Thursday September 23, 2021 - 15:00 to 16:15
Transplantation of encapsulated rat and porcine islet combining alginate and poly- ethylene-imine into the retroperitoneal space achieves prolonged normoglycemia in diabetic mice
Yi Wang1, Qi Zhang1, Leo H. Buhler1,2.
1Institute of Organ Transplantation, Sichuan Academy of Medical Science and Sichuan Provincial People's Hospital, Chengdu, People's Republic of China; 2Faculty of Science and Medicine, University of Fribourg, Fribourg, Switzerland
Objective: Islet allotransplantation gains encouraging clinical outcomes using the hepatic portal vein as the standard infusion method. This infusion technique is responsible for significant graft loss due to immediate coagulopathy and long-term immune destruction. Furthermore, shortage of human organ donors limits its application. To solve these problems, we tested a new implantation site, i.e. the retro-peritoneal retro-colic space for the transplantation of encapsulated xenogeneic islets into diabetic mice.
Method: We synthesized an anti-biofouling balanced charged hydrogel combining alginate plus poly-ethylene-imine (PEI), a zwitterionic material, for the encapsulation of either SD rat or wild type neonatal porcine islets (Figure 1). Transplantation was performed into the retroperitoneal retro-colic space of diabetic C57BL/6J mice. Control mice received rat or neonatal pig islets free without encapsulation, or encapsulated islets into the peritoneum. Following transplantation, none of the recipient received any immunosuppression. To allow differentiation of neonatal porcine islets, recipient mice received low dose of insulin injection for 30 days. The biochemical indexes were measured at regular intervals until sacrifice, where transplanted islets were harvested for immunohistochemical staining of insulin, glucagon, TUNEL and cleaved caspase-3.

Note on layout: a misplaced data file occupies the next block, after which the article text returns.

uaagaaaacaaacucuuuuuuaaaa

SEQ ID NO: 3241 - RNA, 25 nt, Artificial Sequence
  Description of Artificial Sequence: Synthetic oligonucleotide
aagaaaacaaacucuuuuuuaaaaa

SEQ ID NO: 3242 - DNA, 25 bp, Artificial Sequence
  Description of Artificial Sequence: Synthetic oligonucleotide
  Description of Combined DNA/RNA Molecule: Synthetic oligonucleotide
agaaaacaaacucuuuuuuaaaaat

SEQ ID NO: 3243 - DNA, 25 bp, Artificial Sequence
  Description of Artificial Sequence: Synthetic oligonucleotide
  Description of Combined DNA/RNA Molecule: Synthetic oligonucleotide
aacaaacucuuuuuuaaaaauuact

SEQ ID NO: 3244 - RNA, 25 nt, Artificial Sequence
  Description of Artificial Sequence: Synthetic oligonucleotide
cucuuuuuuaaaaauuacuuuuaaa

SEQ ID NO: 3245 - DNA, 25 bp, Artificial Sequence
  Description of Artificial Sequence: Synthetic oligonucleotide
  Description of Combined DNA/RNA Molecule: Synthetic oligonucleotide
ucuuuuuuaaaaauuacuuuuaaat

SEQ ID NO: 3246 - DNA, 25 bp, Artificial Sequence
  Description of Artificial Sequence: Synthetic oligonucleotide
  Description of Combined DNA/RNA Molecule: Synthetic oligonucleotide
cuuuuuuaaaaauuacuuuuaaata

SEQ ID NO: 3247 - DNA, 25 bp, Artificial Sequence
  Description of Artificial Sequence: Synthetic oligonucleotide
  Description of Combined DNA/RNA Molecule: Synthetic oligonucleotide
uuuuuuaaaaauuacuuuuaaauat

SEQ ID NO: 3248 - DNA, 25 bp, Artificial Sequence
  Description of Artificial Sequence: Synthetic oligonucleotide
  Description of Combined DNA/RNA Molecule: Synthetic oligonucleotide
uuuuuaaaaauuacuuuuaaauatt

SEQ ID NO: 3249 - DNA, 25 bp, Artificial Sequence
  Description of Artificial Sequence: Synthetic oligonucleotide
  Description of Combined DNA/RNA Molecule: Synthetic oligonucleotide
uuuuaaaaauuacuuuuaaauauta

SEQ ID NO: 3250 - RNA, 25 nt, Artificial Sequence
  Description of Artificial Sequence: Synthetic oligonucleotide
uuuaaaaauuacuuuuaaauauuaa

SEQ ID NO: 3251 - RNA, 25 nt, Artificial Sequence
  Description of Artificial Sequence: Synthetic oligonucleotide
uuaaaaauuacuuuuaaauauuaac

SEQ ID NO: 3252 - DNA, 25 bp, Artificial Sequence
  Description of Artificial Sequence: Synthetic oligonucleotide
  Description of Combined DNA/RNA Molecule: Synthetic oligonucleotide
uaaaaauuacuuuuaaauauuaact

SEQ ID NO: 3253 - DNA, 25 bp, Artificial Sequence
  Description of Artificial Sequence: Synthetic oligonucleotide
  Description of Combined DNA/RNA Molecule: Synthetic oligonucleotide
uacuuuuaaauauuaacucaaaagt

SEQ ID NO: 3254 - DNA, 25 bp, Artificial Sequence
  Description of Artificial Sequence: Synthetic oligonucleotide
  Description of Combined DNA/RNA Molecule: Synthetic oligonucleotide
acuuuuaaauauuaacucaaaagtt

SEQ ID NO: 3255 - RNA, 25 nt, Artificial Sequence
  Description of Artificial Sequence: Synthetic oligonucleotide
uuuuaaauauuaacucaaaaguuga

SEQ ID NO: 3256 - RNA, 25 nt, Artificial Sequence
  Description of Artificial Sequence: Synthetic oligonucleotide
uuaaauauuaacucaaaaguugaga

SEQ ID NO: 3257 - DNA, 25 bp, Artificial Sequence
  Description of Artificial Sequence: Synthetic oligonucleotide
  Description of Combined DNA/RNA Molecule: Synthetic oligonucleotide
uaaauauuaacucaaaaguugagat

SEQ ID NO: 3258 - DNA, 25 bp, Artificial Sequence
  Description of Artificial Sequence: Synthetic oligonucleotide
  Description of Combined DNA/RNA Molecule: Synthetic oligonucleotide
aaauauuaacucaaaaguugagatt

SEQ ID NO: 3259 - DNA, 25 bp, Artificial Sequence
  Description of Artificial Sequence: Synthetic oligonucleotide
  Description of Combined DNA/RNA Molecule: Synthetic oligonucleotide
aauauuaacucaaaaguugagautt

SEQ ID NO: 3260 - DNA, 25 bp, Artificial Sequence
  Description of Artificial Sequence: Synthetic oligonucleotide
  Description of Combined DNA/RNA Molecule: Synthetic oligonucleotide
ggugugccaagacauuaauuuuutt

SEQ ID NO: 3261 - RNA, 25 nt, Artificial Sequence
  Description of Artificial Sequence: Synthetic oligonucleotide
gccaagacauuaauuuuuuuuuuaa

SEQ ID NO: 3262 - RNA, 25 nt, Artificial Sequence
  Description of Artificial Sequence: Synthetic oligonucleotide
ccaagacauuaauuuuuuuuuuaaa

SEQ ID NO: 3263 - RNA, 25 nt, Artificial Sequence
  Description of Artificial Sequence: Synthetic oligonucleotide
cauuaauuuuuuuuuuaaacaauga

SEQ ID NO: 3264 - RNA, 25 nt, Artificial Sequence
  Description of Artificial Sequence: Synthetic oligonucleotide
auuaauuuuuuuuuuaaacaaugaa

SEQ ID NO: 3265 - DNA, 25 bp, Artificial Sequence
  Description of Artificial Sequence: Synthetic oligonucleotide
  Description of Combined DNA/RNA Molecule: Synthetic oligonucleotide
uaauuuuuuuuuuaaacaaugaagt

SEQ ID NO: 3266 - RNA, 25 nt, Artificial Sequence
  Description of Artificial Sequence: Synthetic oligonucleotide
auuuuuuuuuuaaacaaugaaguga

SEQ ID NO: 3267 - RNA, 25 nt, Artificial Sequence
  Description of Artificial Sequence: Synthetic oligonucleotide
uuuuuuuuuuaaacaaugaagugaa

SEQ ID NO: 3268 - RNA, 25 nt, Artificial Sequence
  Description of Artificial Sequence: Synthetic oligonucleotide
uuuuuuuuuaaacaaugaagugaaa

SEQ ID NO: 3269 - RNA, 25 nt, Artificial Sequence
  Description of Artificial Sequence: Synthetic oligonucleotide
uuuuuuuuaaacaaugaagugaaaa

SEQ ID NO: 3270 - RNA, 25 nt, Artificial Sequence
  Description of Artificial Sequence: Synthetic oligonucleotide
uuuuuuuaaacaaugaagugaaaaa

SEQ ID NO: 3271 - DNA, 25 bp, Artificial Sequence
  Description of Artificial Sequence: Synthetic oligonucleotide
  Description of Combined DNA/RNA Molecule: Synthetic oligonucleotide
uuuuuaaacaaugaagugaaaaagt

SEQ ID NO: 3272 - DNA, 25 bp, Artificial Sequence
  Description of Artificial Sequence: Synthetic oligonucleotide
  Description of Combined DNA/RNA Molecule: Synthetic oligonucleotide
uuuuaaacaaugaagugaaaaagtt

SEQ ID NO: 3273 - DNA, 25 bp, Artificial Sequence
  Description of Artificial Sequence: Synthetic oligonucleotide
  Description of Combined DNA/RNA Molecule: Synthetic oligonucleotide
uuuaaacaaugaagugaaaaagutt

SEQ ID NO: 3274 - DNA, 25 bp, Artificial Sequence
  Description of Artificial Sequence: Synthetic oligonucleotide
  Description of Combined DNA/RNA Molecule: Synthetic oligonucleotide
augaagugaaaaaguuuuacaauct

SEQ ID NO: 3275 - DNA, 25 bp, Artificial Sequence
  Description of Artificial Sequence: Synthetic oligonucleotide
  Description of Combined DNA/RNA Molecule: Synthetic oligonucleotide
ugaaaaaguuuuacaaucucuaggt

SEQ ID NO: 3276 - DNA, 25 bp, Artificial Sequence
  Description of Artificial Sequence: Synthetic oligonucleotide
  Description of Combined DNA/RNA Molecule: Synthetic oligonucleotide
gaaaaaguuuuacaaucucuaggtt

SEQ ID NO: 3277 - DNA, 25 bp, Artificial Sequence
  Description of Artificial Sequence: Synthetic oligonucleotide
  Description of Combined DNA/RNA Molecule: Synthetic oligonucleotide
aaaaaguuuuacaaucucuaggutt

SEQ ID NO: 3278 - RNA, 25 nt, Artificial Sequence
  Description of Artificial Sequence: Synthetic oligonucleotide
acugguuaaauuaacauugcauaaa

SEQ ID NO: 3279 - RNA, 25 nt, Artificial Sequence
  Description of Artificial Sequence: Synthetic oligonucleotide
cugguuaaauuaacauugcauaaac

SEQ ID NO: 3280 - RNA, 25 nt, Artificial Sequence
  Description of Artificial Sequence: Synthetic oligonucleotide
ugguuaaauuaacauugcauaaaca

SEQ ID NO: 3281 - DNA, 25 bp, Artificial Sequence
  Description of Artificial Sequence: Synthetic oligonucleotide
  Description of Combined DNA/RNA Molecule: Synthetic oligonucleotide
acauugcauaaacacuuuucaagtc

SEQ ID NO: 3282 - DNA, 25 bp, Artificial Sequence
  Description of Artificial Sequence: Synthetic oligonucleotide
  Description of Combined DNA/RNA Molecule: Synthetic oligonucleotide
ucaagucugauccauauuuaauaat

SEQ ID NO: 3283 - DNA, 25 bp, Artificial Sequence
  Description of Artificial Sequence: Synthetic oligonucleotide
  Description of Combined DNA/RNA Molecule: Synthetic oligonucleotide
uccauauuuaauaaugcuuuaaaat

Result: Mice receiving 400 encapsulated rat islets and 500 encapsulated porcine islets transplanted into the retroperitoneal space maintained normal glycemia for a mean of 267days (range 263-272, n=4) and 133 days (range 123-147, n=4), respectively. In contrast, encapsulated rat islets and porcine islets transplanted into the peritoneum, maintained function for a mean of 66 days (range 58-63, n=4) and 46 days (range 42-53, n=3), respectively. For the transplantation site, P is lower than 0.05 for comparison of rat islets and P is lower than 0.05 for comparison of porcine islet. Xenogeneic islets transplanted free of encapsulation into the retroperitoneal space or the peritoneum lost their function within 3 days after transplantation (P<0.05). Immunohistochemical staining of the harvested islets and surrounding tissue at day 60 showed for rat and porcine islets normal healthy β and α cell (Figure 2). In contrast, free islets harvested after rejection showed death of β cells at the inner part of the islets, marked by the staining of TUNEL and cleaved caspase-3.
Conclusion: Transplantation of encapsulated xenogeneic islets to the retroperitoneal space provides a new implantation strategy for the treatment of type 1 diabetes and should be tested in large animal models.
This study was supported by the National Natural Science Foundation of China (no. 81802504) for Dr. Yi Wang and the funding from Sichuan Academy of Medical Science and Sichuan Provincial People's Hospital for Dr. Leo Buhler..